The Importance of Friction

Sometimes to break the status quo we need to ask each other  uncomfortable questions, questions which put us outside our comfort zones. Shaking up the house or breaking a rut is necessary for the evolvement of a relationship or  business. Confrontation is not something that  people enjoy getting themselves into. It sparks a flurry of emotions which have the potential to temporarily blindside us from saying or doing things we would not have done under normal circumstances. In a way, it surfaces our inner thoughts and desires, and has the potential to put us into vulnerable positions. Having worked with many teams, I have come to realize that without a certain amount of friction, a team doesnt not move forward. There is too much brown nosing and very little candor. Both of these breakdown communication and ultimately lead teams in the wrong direction.

I have talked about the importance of candor in many of my prior blog posts as being a critical component of a well functioning team. A great team is one where everyone speaks their mind in context to the discussion, and challenges pre-requisites without blindly following them. Team members can then push each other to be better and to ask more of themselves. There is no doubt that there will be unpleasant times when you will get fed up with the flurry of critical statements. It is important that in this situation both the person who is asking the questions, as well as the person who is answering them, remains on topic.

When we are forced to challenge beliefs we follow blindly follow, or plans that we don not fully agree with, we cause the team to think bigger and broader thoughts. Without this friction we become stale, the competition catches up on your complacency, and soon enough you find yourself on the sidelines. Re-evaluate the presence of candor and friction within your team. Does it need shaking up? Are you the one who is going to take the first step, and wake everyone up before it is too late?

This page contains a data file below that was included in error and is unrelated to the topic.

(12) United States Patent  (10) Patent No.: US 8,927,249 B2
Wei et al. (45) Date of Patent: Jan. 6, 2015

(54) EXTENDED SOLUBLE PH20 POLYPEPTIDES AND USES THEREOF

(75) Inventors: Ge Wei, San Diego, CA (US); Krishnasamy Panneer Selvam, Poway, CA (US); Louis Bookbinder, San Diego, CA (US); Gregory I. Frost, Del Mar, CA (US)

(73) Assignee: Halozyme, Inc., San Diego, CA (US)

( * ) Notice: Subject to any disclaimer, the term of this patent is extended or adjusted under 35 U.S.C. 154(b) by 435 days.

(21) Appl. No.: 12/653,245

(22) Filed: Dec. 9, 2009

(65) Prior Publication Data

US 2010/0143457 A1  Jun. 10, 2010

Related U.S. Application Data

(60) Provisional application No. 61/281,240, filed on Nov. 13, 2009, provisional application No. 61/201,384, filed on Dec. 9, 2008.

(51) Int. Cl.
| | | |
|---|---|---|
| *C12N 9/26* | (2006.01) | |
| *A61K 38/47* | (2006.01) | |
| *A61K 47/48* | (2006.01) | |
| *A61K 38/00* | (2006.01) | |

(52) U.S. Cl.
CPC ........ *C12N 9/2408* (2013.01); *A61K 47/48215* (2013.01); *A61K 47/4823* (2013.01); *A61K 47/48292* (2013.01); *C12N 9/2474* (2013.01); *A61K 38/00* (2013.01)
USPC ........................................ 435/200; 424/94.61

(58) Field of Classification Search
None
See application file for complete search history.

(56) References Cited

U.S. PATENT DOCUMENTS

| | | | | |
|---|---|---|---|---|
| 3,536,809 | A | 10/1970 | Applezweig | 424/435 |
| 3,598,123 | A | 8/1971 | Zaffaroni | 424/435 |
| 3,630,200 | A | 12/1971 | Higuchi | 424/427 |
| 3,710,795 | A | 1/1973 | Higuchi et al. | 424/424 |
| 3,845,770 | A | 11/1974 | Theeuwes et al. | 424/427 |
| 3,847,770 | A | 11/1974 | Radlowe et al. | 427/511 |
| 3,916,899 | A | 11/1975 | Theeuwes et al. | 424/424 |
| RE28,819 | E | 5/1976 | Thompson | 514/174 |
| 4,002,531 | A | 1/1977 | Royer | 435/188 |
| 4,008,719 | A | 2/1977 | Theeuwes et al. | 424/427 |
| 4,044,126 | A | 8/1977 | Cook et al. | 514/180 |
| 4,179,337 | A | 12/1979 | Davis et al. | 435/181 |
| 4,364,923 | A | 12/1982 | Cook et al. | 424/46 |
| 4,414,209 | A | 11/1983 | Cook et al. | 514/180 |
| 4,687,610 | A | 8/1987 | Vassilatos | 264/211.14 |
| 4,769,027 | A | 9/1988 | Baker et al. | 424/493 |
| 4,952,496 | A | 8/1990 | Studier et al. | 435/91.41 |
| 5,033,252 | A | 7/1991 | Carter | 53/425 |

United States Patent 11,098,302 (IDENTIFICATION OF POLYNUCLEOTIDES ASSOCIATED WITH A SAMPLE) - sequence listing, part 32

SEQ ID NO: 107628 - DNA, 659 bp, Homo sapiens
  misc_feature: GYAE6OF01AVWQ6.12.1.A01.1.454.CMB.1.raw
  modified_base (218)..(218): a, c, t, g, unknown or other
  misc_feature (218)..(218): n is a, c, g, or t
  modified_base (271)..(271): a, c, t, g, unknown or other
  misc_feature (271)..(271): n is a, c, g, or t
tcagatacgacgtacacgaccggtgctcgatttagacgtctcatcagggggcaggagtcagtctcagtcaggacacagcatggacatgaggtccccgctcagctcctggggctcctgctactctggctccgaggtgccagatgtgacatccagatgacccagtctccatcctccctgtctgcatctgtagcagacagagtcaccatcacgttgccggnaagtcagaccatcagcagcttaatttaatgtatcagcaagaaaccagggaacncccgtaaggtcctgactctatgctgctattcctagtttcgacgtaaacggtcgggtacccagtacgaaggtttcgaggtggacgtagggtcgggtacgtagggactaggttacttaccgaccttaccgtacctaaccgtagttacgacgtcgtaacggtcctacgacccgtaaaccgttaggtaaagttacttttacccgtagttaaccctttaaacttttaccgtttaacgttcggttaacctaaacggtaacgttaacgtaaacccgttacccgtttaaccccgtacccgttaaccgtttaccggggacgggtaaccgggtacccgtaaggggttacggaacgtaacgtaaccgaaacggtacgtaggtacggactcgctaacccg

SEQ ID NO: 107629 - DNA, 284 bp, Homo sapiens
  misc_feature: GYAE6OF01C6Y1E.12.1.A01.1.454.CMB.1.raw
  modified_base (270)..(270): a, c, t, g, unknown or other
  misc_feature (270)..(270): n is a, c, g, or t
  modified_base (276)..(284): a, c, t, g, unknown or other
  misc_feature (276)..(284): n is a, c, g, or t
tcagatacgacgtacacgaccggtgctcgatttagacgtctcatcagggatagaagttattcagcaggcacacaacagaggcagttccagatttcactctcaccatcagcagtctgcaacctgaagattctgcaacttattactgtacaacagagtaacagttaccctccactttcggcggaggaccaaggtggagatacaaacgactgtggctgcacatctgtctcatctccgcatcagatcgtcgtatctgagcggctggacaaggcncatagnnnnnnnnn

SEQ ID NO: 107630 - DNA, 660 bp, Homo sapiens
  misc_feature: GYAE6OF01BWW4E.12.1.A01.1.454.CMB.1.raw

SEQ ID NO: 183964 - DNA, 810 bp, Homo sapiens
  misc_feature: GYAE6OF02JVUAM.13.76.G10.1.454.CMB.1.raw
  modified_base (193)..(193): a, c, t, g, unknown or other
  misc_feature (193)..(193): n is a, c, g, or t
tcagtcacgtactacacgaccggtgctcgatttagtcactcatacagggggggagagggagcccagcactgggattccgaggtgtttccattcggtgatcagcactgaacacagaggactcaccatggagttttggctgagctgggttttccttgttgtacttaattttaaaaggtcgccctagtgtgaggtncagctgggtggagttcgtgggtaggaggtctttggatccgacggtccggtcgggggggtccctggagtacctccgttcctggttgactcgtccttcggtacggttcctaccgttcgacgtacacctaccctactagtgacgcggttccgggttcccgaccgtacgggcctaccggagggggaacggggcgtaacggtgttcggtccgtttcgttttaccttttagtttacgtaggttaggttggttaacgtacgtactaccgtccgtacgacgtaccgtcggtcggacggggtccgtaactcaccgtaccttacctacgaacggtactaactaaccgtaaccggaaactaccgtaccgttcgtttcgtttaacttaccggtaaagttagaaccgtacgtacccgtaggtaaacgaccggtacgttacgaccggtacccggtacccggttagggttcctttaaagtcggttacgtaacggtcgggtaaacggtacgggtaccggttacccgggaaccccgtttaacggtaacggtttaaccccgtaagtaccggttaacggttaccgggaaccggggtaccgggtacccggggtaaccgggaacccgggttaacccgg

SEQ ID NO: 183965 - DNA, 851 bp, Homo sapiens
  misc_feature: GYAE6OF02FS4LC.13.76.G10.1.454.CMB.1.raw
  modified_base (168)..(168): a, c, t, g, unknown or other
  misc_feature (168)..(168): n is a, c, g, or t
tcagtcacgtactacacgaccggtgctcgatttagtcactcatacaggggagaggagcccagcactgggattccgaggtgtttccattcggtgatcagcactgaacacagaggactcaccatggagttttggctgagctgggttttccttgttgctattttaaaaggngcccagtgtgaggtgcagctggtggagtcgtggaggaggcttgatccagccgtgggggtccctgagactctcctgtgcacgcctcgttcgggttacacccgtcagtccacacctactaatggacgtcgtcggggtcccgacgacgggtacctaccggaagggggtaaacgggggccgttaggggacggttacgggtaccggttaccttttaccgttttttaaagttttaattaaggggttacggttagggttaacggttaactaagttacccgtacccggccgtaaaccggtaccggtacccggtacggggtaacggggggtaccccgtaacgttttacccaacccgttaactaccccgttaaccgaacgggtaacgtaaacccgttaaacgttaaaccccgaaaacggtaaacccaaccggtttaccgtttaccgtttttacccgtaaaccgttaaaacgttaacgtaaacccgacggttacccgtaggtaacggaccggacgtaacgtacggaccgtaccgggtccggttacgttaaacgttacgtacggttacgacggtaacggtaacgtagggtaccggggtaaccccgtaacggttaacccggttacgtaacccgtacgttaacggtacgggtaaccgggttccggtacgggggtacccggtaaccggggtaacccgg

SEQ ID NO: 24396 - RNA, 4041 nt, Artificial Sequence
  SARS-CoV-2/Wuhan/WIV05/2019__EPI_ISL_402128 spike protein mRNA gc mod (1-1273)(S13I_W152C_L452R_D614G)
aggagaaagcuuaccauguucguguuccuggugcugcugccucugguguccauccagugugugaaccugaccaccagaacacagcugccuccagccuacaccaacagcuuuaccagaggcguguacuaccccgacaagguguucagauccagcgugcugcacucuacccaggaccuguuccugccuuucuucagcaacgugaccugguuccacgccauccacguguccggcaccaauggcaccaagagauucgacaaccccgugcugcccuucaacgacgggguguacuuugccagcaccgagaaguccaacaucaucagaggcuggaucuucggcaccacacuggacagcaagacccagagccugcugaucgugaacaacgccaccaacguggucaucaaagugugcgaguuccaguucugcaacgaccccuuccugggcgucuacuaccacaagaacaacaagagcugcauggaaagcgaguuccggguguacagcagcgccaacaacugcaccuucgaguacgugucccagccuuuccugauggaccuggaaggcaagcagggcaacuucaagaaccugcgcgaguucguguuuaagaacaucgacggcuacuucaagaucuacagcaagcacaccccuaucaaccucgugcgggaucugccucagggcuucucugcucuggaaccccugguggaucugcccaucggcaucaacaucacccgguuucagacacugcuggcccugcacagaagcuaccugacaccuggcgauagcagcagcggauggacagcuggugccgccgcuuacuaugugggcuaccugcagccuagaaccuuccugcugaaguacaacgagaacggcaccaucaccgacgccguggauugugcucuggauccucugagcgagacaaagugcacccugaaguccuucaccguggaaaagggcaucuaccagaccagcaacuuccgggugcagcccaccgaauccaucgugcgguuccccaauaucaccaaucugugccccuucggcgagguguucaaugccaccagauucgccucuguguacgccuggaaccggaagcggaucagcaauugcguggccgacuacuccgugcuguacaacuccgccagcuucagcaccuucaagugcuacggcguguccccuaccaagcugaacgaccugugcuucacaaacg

Dealing with Curve Balls

Every once in a while life throws something at us, when we least expect it. Sometimes, it makes you lose your balance, and fall off the path you were hell bent on pursuing. Sometimes, it is a necessary reality check, to help us re-focus on the things that really do mean a lot to us. In every curve ball that has come my way, I have found a much needed reality check, to help me understand what I am doing and where I am headed. The whole notion of maintaining balance in your life and entrepreneurship continues to baffle, and often elude me. Although I do get shot down with curve balls, every time I find myself on the floor, I can’t wait to get up again and do it that much better the next time around.

Entrepreneurship is akin to a highly addictive drug, and has the capability of consuming you inside out. It does sometimes cause us to lose perception on some the larger building blocks of a normal life. Those of us who take this path have to make this choice. It does make me realize, that if you actually find something to do every single day, that you are passioonate about, even if you don’t get paid for it; the imbalance often seems worth it. We are all trapped and part of a world where we are trained from very young ages, to be someone, or achieve something. Essentially, we are more often then not, trained to be just another brick in
the wall. This path does not however train us adequately to deal with curve balls, when they come our way (albeit at a lower frequency due to the relatively balanced lifestyle). However, when they do come, we get hit fairly hard, more so since we are not expecting them, and many a time we do not have a good enough reason to stand up again.

Dealing effectively with curve balls, comes with experience. It requires us to fall, it is true, but only to stand up stronger. The first couple of times it hurts a lot, and we begin to ask ourselves fundamental questions regarding our purpose in life, and what we are actually doing. They force us to evaluate where we are, and where we want to be. In my experience, the people who are able to get up faster, are those who have found something to hold on to. Call it passion, love or the thrill of winning. The deal is, you need to get into the game, rather than sitting by the sidelines watching life pass you by.

So Close Yet So Far

I think of success as an extremely elusive term. Everyone measures it in their own particular way and we all have or own thoughts and opinions of what makes someone successful, and what doesn’t. Sometimes we think success is just around the corner, to have it slip right through our fingers. It is like a never ending chase, one which drives you to push yourself harder every waking moment. The funny thing is that when you think you have achieved a certain level of success, a new challenge presents itself and we are exposed to an entirely new dimension, one which gives a whole new perception to what we consider as success.